Supply Chain Shakeup   //   May 20, 2024

The case for and against brand-owned resale

After nearly 130 years in business, outwear brand Filson has seen some of its vintage products go for thousands of dollars on the resale markets. Some of its cruisers go for twice the retail price. Neil Morgan, the brand’s head of strategy, said the company’s products fetched more than $5 million in gross revenue on third-party resale platforms like eBay and Poshmark.

That’s partly why, in December, it launched Filson Unfailing, a secondhand resale platform on its website. Customers can trade in their used items online or in-store and receive cash or credit. Secondhand buyers can also inherit the lifetime warranty that comes with the products.

“There’s an opportunity for us to create the marketplace for it, it keeps it within our universe,” Morgan said.

By some accounts, the resale market is booming. ThredUp’s widely cited Resale Report says the global secondhand apparel market will grow three times faster than the overall apparel market. However, some projections specific to the United States suggest that growth is slower than expected. EMarketer shows that revenue from online resale will surpass $80 billion this year. That’s $8 billion lower than a prior forecast due to weakened demand. From there, the market is expected to climb to $91 billion in 2027. 

For brands, the question becomes whether it’s worth trying to build out a bespoke online resale platform amid competing priorities. Wilson Griffin, CEO and co-founder of resale software platform Recurate, said that comes down to ensuring brands can make money doing it.

“If you can create a model where brands are actually benefiting from the resale of their own products secondhand, that completely changes the mindset of brands,” he said. “All of a sudden, they’re encouraging people to participate in resale because there’s actually margin to be made on reselling these items, and [it] encourages more investment in quality and durability.”

Here’s a breakdown of the pros and cons facing brands as they get into resale. 

For: Encouraging reuse and circularity

Clothing brand M.M.LaFleur runs a profitable peer-to-peer resale service called Second Act that launched about four years ago. So far, it’s led to the sale of more than 25,000 items across 16,500 orders. CEO and founder Sarah LeFleur told Modern Retail that she envisioned resale being part of the brand’s online operations since its founding.

“Our bodies change sizes and shapes over the years. The idea that what you buy is going to last you forever is a fantasy,” she said.

M.M.LaFleur, which uses Archive to run its resale program, recently expanded the inventory in Second Act by adding in returns or items that need a repair. That can be as much as 1.5% of its total inventory. So far, the company has sent 3,176 items to be repaired since Fall 2023. About 94% were able to be listed, and more than 1,300 have been sold so far.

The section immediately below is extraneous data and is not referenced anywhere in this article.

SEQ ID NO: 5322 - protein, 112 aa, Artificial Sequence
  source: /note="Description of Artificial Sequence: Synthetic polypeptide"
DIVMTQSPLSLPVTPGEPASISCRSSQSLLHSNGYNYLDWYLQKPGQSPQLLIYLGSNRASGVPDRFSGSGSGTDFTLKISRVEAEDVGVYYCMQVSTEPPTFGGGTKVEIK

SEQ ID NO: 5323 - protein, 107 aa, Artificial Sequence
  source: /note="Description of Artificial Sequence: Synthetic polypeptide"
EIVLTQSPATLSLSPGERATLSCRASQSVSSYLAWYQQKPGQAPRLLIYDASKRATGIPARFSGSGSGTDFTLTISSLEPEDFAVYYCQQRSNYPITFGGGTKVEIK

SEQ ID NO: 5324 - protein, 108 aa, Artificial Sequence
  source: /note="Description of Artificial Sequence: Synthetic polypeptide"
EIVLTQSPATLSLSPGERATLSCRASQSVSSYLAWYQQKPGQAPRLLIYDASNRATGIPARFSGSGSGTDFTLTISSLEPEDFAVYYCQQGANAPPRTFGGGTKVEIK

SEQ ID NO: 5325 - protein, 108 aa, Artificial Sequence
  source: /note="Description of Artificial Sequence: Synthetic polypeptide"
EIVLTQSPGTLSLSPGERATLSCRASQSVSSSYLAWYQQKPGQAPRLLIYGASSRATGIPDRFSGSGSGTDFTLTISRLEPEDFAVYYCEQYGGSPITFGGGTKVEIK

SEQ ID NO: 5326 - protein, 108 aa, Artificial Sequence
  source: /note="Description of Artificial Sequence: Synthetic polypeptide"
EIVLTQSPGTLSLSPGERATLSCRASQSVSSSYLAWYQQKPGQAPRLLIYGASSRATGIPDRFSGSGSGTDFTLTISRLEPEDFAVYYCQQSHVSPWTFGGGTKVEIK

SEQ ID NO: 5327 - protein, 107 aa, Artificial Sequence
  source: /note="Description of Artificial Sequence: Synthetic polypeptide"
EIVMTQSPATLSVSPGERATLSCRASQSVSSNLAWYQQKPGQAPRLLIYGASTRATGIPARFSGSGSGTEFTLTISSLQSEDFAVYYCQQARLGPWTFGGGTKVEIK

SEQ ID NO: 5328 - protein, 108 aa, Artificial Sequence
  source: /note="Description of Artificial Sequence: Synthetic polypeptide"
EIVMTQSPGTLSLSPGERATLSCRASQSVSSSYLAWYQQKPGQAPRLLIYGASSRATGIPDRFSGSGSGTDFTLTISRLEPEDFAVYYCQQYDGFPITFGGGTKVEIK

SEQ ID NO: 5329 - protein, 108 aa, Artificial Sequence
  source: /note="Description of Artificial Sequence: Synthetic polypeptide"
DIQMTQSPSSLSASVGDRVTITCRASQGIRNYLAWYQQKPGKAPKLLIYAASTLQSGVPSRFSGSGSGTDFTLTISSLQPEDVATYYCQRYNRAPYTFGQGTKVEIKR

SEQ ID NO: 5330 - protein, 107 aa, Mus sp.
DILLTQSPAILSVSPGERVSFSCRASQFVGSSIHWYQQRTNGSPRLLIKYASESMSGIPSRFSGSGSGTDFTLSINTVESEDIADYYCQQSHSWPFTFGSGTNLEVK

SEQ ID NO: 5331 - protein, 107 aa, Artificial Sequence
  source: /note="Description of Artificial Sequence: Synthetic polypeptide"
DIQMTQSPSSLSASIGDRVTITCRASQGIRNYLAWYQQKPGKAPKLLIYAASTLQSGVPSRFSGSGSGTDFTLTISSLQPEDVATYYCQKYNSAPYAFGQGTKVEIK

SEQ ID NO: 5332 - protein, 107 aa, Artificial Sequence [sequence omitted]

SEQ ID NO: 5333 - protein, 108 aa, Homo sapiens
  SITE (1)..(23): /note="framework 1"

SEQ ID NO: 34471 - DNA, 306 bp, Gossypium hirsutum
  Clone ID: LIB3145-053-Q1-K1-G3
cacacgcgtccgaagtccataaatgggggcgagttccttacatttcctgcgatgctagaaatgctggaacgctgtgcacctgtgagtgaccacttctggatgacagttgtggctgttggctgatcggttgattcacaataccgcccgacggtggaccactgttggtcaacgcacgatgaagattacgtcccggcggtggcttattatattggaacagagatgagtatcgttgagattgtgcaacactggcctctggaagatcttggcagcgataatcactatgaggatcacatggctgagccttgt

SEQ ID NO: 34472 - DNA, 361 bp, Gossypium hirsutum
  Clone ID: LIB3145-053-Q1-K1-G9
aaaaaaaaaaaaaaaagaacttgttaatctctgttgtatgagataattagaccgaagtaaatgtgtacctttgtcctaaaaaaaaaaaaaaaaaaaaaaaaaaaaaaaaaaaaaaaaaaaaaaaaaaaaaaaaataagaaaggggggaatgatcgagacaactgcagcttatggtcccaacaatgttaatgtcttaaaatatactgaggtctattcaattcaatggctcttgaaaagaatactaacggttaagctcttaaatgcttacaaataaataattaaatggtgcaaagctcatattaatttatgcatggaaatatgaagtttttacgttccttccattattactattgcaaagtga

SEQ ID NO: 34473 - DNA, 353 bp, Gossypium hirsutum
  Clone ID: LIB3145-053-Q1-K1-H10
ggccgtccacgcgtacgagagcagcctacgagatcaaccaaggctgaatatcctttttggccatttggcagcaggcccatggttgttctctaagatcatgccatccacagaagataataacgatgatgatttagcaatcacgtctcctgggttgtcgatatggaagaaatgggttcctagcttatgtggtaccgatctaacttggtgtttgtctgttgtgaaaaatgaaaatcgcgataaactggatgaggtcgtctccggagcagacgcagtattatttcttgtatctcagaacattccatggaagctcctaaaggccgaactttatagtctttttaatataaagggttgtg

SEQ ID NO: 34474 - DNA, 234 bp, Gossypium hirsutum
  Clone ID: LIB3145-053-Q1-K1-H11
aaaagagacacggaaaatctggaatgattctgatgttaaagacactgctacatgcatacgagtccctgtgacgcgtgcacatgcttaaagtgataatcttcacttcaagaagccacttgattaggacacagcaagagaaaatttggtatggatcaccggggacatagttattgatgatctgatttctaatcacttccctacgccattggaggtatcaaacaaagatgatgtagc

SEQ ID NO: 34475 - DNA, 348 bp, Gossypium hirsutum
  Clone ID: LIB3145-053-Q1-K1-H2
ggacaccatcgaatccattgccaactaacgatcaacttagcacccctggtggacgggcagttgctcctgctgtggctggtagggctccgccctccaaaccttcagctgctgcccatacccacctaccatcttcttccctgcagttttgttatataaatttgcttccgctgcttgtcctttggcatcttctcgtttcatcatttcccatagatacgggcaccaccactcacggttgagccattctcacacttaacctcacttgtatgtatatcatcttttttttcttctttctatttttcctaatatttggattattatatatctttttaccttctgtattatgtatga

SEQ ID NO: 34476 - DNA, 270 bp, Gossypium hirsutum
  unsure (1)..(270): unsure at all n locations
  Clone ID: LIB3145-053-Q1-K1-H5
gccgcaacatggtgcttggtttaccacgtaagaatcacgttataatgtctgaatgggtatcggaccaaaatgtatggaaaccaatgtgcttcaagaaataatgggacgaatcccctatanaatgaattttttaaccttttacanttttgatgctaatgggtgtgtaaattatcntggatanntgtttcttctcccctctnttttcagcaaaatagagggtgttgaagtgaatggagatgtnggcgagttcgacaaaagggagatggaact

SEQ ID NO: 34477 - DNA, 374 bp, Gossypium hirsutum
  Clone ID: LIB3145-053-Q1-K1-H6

“Having the repair and rehab program has really boosted that inventory,” she said. “These are good products and they should find a home no matter what it takes.”

Griffin from Recurate said the more secondhand becomes a standard offering from brands, the less they may have to rely on making new products. This can help companies meet internal or external sustainability benchmarks due to less material use or cutting emissions. ThredUp’s report found that 45% of retail executives who offer resale said it’s helping them satisfy investor damages around ESG goals.

“What drives us is creating the tools for brands to launch their own resale program. [They] benefit from that resale program and, over time, change the way that they operate into business,” he said.

Against: Concerns about “cannibalizing” new sales or profitability

Many brands may not want to get into resale because of concern hat people will buy the used item instead of a new one. Nearly half of the retailers told ThredUp in its survey with GlobalData that resale “may cannibalize sales in the short term” even if it provides long-term growth.

Griffin at Recurate said the company’s data doesn’t support that. “The customers who are buying these items would otherwise have been shopping on Poshmark, or DePop, or eBay,” he said.

Gayle Tait, CEO of resale operator Trove, said she often hears the same concern. “My answer to that is: Your main line of business has already been cannibalized by secondhand sites, off your site,” she said.

Along those same lines, though, many brands still don’t see value in taking resale in-house, like some luxury brands that have sat out the trend. And even some who do decide to start running it don’t make a profit.